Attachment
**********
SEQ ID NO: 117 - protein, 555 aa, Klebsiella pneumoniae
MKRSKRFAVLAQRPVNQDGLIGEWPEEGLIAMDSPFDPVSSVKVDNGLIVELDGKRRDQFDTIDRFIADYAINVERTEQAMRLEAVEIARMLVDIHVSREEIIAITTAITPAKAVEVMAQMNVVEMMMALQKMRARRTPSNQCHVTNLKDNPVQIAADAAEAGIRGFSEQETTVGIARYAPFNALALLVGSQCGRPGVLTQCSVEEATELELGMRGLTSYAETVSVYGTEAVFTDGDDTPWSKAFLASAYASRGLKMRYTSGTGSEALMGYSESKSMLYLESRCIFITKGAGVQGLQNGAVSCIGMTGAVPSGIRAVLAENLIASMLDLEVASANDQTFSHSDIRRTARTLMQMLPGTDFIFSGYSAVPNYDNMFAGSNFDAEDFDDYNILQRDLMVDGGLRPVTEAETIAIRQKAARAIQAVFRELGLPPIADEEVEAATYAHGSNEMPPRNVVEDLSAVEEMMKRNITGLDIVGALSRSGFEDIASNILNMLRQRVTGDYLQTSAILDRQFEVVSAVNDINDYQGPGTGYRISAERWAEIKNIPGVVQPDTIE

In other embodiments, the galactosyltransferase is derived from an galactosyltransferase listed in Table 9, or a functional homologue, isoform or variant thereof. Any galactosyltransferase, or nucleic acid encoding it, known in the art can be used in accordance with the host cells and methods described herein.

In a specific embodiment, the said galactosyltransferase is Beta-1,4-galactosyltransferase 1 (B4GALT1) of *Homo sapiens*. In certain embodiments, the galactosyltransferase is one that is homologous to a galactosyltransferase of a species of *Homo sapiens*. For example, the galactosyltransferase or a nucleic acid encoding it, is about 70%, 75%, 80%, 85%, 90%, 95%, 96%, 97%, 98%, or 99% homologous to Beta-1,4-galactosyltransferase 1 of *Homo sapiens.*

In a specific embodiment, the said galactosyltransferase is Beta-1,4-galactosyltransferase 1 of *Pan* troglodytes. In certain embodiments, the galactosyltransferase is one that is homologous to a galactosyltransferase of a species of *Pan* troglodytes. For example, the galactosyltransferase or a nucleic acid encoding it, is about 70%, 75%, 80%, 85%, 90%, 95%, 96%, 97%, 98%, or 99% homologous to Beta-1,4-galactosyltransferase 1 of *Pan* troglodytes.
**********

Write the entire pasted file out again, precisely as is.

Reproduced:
SEQ ID NO: 117 - protein, 555 aa, Klebsiella pneumoniae
MKRSKRFAVLAQRPVNQDGLIGEWPEEGLIAMDSPFDPVSSVKVDNGLIVELDGKRRDQFDTIDRFIADYAINVERTEQAMRLEAVEIARMLVDIHVSREEIIAITTAITPAKAVEVMAQMNVVEMMMALQKMRARRTPSNQCHVTNLKDNPVQIAADAAEAGIRGFSEQETTVGIARYAPFNALALLVGSQCGRPGVLTQCSVEEATELELGMRGLTSYAETVSVYGTEAVFTDGDDTPWSKAFLASAYASRGLKMRYTSGTGSEALMGYSESKSMLYLESRCIFITKGAGVQGLQNGAVSCIGMTGAVPSGIRAVLAENLIASMLDLEVASANDQTFSHSDIRRTARTLMQMLPGTDFIFSGYSAVPNYDNMFAGSNFDAEDFDDYNILQRDLMVDGGLRPVTEAETIAIRQKAARAIQAVFRELGLPPIADEEVEAATYAHGSNEMPPRNVVEDLSAVEEMMKRNITGLDIVGALSRSGFEDIASNILNMLRQRVTGDYLQTSAILDRQFEVVSAVNDINDYQGPGTGYRISAERWAEIKNIPGVVQPDTIE

In other embodiments, the galactosyltransferase is derived from an galactosyltransferase listed in Table 9, or a functional homologue, isoform or variant thereof. Any galactosyltransferase, or nucleic acid encoding it, known in the art can be used in accordance with the host cells and methods described herein.

In a specific embodiment, the said galactosyltransferase is Beta-1,4-galactosyltransferase 1 (B4GALT1) of *Homo sapiens*. In certain embodiments, the galactosyltransferase is one that is homologous to a galactosyltransferase of a species of *Homo sapiens*. For example, the galactosyltransferase or a nucleic acid encoding it, is about 70%, 75%, 80%, 85%, 90%, 95%, 96%, 97%, 98%, or 99% homologous to Beta-1,4-galactosyltransferase 1 of *Homo sapiens.*

In a specific embodiment, the said galactosyltransferase is Beta-1,4-galactosyltransferase 1 of *Pan* troglodytes. In certain embodiments, the galactosyltransferase is one that is homologous to a galactosyltransferase of a species of *Pan* troglodytes. For example, the galactosyltransferase or a nucleic acid encoding it, is about 70%, 75%, 80%, 85%, 90%, 95%, 96%, 97%, 98%, or 99% homologous to Beta-1,4-galactosyltransferase 1 of *Pan* troglodytes.